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The mounting bracket for the alternator was removed from the exhaust manifold castings in 1969. The long water pump brought the accesories in closer to the motor (to reduce a growing tendency to throw V-belts). The new W shaped log manifold instead of ram's horn exhaust manifold introduced in 1969 doesn't need any kind of alternator adapter if you install headers.

Header collector size is related to the primary tube size. An inch and a half primary tube header will have about a three inch collector four to six inches long. As the tube size approaches two and a half inches for the primary tube the collector has jumped pat three and a half inches to to four or six inches in diameter and the length is approaching twenty inches. These bigger primary tube headers are often equal length, and wrap around your car frame (they are installed in segments) and the collectors do not have a flange to bolt on tail pipes because they are designed for race only vehicles.

I am at a loss on changing motor mounts as you don't need to change them to install headers in an Impala (with a big block in a Nova or a Camaro that is a different issue). The only time you change a motor mount is if they break. With glued together motor mounts expect them to break often. That is why I recommend HD interlocking motor mounts that will not break.

This thread is two to three years old and I never talked about it so I was wondering how I got involved or how motor mounts are involved.

Big Dave
 

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The bracket and the five ton cable that encircles the upper control arm cross shaft is GM's answer to Ralph Nader's instigated safety recall and law suit resulting from broken motor mounts. (do not loose those parts as they are very valuable do to rarity today). That strap limits the motor's movement when the motor mount breaks. It will not work with tubular steel headers as it relies upon the structural strength of the cast iron manifold to hold the bracket in place. The reason those parts are so rare today is everyone that installed aftermarket headers threw those parts away. They were installed on every Chevy made after 1958 that was brought into their local dealership to get the cable installed for free, because of the first federally mandated product safety recall in history.

If you go to tubular headers you will need to replace your simple vulcanized rubber (glued together) motor mounts for a 1958-'68 year car (you want the short and wide and not the tall and narrow size used on newer cars from 1969-'72.

The dimensional size of the motor mount changed in 1969 and up through 1972. Most parts stores not only stock the newer style, but they will try and hand it to you if you ask for a SBC motor mount because the computer says it fits: they will not fit on your car as you need the older style mount. You want a one that is interlocking; so ask for one off of a 1966 360 horsepower 327 SBC Corvette engine to get the correct tall short and wide sized part the first time out. (measures 2-5/8th inch between the tangs and the hole in the tang is 1-3/4 inch from the block's mounting surface).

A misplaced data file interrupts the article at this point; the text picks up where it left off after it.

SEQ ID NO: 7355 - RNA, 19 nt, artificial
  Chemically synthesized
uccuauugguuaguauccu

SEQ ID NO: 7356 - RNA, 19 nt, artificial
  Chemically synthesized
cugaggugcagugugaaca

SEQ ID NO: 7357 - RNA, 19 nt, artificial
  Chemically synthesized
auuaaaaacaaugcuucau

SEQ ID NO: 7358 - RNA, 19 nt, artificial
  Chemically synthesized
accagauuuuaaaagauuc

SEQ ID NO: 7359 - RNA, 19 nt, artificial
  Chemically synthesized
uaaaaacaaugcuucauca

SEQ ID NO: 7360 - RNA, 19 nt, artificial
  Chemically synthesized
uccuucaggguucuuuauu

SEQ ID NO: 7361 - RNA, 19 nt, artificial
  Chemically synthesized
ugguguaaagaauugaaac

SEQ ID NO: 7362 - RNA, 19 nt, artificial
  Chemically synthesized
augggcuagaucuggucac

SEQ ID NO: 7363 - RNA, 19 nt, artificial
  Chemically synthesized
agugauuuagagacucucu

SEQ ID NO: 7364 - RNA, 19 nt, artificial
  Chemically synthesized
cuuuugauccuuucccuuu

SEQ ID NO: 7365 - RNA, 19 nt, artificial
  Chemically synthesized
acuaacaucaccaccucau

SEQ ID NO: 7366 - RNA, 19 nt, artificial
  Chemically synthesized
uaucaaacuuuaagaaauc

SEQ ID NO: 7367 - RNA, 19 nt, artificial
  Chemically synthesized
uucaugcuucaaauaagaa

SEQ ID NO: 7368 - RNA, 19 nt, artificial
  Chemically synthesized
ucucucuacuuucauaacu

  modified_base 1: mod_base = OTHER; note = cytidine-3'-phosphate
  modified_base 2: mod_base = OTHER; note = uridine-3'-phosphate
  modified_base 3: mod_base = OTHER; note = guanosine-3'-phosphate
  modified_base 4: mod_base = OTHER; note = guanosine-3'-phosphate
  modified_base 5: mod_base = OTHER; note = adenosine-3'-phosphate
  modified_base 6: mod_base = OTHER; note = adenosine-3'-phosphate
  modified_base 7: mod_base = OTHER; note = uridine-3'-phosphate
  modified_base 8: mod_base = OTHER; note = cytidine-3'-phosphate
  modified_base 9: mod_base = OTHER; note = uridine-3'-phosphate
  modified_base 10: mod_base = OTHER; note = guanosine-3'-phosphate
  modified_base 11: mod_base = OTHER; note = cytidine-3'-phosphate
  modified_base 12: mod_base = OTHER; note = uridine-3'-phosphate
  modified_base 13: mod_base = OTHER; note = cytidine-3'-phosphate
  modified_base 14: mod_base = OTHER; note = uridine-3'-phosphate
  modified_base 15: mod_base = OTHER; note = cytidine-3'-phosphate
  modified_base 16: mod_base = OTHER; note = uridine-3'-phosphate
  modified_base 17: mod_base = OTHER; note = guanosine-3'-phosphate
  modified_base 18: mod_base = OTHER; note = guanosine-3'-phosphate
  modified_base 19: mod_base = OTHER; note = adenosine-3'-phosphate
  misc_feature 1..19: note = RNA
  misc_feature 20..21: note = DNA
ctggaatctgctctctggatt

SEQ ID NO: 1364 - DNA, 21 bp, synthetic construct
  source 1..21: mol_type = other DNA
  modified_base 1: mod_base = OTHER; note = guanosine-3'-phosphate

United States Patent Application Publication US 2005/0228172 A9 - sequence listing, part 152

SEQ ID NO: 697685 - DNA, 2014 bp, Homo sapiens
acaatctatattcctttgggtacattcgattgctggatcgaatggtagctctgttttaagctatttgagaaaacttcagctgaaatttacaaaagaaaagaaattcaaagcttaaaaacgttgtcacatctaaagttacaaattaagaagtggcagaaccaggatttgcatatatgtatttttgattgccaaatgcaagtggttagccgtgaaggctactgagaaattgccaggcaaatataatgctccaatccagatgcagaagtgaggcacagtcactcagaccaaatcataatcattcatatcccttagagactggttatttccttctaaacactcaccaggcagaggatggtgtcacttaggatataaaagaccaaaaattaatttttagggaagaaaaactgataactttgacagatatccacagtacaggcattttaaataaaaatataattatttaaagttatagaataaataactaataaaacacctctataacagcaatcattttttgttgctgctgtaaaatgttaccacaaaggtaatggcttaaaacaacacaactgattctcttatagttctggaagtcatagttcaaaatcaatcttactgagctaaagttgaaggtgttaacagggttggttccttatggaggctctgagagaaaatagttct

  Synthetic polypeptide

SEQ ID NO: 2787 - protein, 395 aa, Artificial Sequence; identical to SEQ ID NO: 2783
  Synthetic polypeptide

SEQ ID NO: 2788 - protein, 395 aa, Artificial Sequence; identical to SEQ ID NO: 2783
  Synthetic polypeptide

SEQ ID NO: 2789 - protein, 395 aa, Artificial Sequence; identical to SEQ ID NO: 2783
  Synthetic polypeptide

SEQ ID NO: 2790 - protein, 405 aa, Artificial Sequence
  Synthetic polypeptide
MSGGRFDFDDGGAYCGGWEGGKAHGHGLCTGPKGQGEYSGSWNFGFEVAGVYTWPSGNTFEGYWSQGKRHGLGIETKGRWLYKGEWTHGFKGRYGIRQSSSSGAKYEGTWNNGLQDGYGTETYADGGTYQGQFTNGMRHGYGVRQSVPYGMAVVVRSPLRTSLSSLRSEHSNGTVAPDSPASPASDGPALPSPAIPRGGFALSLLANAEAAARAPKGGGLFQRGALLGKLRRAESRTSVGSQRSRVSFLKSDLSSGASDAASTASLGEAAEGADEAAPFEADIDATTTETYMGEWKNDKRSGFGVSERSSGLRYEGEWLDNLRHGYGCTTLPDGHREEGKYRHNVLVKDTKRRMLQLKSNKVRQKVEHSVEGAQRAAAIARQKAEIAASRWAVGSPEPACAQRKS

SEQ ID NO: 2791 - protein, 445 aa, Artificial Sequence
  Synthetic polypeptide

Energy Suspension GM Motor Mounts | JEGS

Headers make a big performance boost and they do so by restoring lost horsepower caused by the cast iron manifold allowing one cylinder to bleed exhaust gasses into an adjacent cylinder polluting the fuel air charge with spent gases (works just like an EGR valve). That one polluted cylinder yields most of the 25 to 30 horse gain caused by bolting on headers.

Where headers cause issues is in installing an alternator on an older car without accessory mounting holes machined into the heads (1968 and up). The older 1958-'68 Chevy used longer brackets that allowed the V-belt to fly off at high RPM. To fix this issue Chevy went to the long water pump in 1969 and brought the accessories in closer to the motor (used shorter V-belts) with all new accessory brackets that bolted to the cylinder heads.

As noted the older cars require the aftermarket bracket to mount the alternator relying on a stamped steel part that he had to bend to get it to fit. Unfortunately the stress on the alternator will easily bend that bracket out of alignment again unless reinforced (gusseted).

Big Dave
I think he's talking about this Dave.
 

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What headers are you talking about in the original post?
I'm looking for new headers for my -68 327, any suggestions for best torque?
 

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Recommend Doug Thorley Tri-Y for building torque. Longer the primary and the collector the more torque you will build in the bottom end and mid range. Hooker was the go to header for peak horsepower with larger primaries and shorter lengths for land speed records, and high bank ovals. Drag racers also loved them (due to heavy marketing and advertising), but I think building torque wins more drag races than peak horsepower ever will.

Big Dave